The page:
and the company has invested close to one billion dollars so far in research and . so manufacturers are seeking a solution. it has never been believed practical for the common consumer to power anything by hydrogen fuel cell. but the company recognizes that even in a best case scenario. ethanol. However. when traffic permits. Honda has received a large number of inquiries from potential purchasers of the cars. fuel cell cars might be a good bet. Still. Currently. The auxiliary motor could be powered by gasoline. Modern hydrogen fuel cell powered cars are capable of great distances on a single charge. or hydrogen. sport car enthusiasts will need to look elsewhere for the time being. there are two Honda hydrogen fuel cell powered vehicles being driven by common consumers right now. Hydrogen fuel cell powered vehicles are brand new on the scene even though the technology dates back to the mid 1800’s. many of the higher ups in the company feel that hydrogen fuel cell powered cars are the future of America. but these will not be the next road racers. and is anticipating being able to sell a significant number of their vehicles as soon as they release the designs for production. large organizations such as militaries and NASA have been practically the sole users of this technology until very recently. and are optimistically predicting that they will be able to bring the price down to a reasonable figure before the cars go on sale to the general public. its concept vehicles were sold to interested buyers last year. and this number will not drop very drastically just by mass-producing the cars. an age where fuel cell powered vehicles are common in America is still at least 10 years in the future. for those interested in helping the environment and looking to save money on gas. a car that costs three quarters of a million dollars will not be purchased by the general public. The two hydrogen fuel cell cars that Honda is currently leasing have already been turning many heads and attracting a lot of attention. diesel. Obviously. designers of the vehicles are desperately looking for ways to bring the price down drastically. and it is expected to be on the common market as early as 2008. In fact.auxiliary motor designed to recharge the battery and extend the potential driving distance to as far as 600 miles. With maximum speeds in the 85-mile per hour range. These cars can easily manage freeway speeds. The production cost for a fuel cell car is approximately one million dollars. Until recently. GM has announced the upcoming release of their first hydrogen fuel cell car. GM’s Sequel has proven itself able to drive 300 miles during public road tests in New York earlier this year.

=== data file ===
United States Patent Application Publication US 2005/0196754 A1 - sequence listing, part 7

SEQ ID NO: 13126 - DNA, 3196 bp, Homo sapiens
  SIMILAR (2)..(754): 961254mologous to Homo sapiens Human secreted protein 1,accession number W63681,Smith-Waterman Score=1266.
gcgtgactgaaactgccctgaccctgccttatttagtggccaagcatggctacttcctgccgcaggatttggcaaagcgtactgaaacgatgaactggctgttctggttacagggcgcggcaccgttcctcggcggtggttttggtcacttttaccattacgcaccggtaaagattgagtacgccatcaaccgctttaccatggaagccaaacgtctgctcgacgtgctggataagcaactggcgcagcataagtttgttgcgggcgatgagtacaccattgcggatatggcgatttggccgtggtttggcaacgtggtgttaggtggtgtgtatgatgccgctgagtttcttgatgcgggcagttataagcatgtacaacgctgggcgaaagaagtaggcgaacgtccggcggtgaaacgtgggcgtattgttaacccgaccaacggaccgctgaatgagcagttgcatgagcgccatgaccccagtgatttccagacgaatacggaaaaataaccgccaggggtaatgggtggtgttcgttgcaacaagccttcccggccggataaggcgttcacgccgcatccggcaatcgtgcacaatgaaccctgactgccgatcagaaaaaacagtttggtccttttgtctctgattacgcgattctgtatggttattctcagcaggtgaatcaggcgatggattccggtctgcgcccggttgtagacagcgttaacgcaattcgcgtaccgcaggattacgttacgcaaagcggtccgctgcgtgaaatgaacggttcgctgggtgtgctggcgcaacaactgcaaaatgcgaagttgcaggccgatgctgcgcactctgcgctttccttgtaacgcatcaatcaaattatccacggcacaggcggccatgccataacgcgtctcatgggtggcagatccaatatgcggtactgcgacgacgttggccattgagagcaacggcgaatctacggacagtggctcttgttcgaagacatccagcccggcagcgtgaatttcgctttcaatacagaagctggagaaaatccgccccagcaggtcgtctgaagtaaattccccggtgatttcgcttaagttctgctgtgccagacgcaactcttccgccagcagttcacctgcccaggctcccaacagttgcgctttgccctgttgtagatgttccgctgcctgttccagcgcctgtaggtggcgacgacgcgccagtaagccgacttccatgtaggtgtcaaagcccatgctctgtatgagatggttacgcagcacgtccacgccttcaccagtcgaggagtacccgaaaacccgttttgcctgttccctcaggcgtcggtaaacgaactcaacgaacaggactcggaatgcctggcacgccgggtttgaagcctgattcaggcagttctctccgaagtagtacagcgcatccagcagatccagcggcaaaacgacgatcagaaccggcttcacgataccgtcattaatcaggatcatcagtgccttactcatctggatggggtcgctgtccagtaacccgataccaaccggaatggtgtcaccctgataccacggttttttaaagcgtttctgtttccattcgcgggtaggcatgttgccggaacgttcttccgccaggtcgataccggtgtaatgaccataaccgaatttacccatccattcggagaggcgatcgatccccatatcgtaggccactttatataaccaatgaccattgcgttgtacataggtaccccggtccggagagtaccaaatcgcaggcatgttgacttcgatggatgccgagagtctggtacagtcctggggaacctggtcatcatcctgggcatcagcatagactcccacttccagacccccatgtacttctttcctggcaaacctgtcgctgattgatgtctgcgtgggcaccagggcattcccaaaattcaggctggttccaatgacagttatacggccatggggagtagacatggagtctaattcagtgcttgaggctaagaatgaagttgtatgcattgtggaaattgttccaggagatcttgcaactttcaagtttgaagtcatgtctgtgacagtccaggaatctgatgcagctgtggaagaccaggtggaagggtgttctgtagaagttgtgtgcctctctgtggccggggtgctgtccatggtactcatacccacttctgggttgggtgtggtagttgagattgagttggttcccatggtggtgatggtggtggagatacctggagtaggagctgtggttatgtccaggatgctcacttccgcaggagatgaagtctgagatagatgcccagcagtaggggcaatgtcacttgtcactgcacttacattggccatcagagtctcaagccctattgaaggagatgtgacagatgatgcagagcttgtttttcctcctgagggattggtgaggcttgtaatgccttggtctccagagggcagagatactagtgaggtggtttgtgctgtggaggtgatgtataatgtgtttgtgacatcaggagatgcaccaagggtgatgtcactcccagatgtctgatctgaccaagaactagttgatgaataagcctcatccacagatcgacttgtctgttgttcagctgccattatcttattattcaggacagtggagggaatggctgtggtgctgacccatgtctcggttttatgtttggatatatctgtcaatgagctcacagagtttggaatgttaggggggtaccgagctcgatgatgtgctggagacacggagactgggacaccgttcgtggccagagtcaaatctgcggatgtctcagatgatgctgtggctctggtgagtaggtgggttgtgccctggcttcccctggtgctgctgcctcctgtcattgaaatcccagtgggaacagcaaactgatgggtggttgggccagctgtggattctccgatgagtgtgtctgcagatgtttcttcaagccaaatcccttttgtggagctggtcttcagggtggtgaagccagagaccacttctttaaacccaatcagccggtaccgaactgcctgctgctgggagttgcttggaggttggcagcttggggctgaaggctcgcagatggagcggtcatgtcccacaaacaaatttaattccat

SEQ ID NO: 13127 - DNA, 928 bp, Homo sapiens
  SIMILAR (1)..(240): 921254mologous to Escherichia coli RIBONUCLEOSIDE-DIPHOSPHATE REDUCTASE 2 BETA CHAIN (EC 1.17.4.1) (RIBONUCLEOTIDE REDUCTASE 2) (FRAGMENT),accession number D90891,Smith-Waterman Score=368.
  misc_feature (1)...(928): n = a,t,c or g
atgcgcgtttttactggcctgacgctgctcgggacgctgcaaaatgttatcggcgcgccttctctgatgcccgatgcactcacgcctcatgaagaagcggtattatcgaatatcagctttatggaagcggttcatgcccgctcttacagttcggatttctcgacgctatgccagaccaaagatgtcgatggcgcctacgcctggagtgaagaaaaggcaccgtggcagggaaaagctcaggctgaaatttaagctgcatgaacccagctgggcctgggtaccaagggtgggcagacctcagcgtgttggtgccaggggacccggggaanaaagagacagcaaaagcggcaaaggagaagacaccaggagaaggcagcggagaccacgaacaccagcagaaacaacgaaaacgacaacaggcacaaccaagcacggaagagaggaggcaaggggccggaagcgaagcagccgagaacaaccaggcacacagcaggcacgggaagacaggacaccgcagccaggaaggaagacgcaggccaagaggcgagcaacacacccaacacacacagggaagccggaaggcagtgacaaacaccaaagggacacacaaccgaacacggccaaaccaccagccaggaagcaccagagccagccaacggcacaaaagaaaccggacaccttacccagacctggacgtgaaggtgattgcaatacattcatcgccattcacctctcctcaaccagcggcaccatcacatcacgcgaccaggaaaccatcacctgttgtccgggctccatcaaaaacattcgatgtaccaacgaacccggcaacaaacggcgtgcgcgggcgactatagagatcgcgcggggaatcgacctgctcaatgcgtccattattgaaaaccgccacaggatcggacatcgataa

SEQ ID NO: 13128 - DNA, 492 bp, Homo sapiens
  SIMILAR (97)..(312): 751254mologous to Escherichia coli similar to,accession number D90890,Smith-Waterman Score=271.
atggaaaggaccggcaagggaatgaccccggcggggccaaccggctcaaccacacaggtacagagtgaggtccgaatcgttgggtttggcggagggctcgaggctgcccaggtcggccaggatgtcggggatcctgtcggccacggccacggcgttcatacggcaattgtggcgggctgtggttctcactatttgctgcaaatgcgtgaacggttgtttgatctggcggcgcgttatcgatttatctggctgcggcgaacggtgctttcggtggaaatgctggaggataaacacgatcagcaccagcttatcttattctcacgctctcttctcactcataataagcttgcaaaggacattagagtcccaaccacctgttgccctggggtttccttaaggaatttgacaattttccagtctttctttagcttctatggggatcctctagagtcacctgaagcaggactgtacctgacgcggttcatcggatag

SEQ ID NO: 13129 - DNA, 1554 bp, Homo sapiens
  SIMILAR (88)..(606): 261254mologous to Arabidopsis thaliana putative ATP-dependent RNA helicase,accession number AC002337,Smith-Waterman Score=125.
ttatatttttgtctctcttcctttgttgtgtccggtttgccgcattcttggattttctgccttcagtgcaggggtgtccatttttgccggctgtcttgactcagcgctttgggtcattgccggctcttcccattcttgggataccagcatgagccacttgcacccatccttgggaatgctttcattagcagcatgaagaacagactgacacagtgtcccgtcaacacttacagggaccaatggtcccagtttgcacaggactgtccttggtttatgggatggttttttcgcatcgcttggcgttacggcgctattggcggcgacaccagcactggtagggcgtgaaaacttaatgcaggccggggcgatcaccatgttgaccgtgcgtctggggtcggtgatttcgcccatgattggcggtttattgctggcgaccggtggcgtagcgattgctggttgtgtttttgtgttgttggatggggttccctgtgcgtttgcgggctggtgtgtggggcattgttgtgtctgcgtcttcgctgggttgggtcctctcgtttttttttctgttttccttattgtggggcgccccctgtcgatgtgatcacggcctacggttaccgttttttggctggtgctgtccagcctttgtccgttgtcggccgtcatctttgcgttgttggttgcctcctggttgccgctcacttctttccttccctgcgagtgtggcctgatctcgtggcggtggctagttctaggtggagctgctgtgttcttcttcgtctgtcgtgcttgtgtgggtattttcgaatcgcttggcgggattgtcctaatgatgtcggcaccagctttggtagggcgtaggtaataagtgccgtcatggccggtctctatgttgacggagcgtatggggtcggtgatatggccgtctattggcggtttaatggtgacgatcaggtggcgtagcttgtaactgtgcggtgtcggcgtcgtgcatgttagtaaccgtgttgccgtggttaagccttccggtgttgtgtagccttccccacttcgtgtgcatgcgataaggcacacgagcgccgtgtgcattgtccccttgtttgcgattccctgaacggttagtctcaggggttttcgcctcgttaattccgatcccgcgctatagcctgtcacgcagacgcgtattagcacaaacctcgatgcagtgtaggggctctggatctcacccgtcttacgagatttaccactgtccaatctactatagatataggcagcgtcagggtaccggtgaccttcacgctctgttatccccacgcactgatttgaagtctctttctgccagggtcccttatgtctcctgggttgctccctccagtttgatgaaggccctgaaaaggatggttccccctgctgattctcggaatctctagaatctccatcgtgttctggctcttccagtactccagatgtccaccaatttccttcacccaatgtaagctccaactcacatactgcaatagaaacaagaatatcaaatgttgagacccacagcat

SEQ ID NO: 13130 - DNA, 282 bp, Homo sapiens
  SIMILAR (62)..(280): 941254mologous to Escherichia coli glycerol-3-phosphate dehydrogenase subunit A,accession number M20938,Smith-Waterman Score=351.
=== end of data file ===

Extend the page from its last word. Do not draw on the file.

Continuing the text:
development. this is a fact. one of these two vehicle types is almost certain to be the next common car in America. but are still a hassle due to their long recharge times. and plan to invest a considerable amount more within the next couple years. Electric vehicles that are already on the road have been getting many positive reviews. . they effectively cut down on expense to the owner and are simple to maintain. If you are thinking of purchasing a next generation vehicle. quite a few of which are simply due to the early stages they are in. Both have many pros. The two most likely candidates to replace them are hydrogen fuel cell powered vehicles and electric vehicles. Gasoline cars are about to be phased out. and sooner or later. However. but for now many are happy to sacrifice some convenience for saved gas money and the knowledge that they are driving a Zero Emission Vehicle. as well as many cons. technology will advance allowing drastically quickened recharging. you will have many choices within the next five years. many people feel confident that within the next 10 years.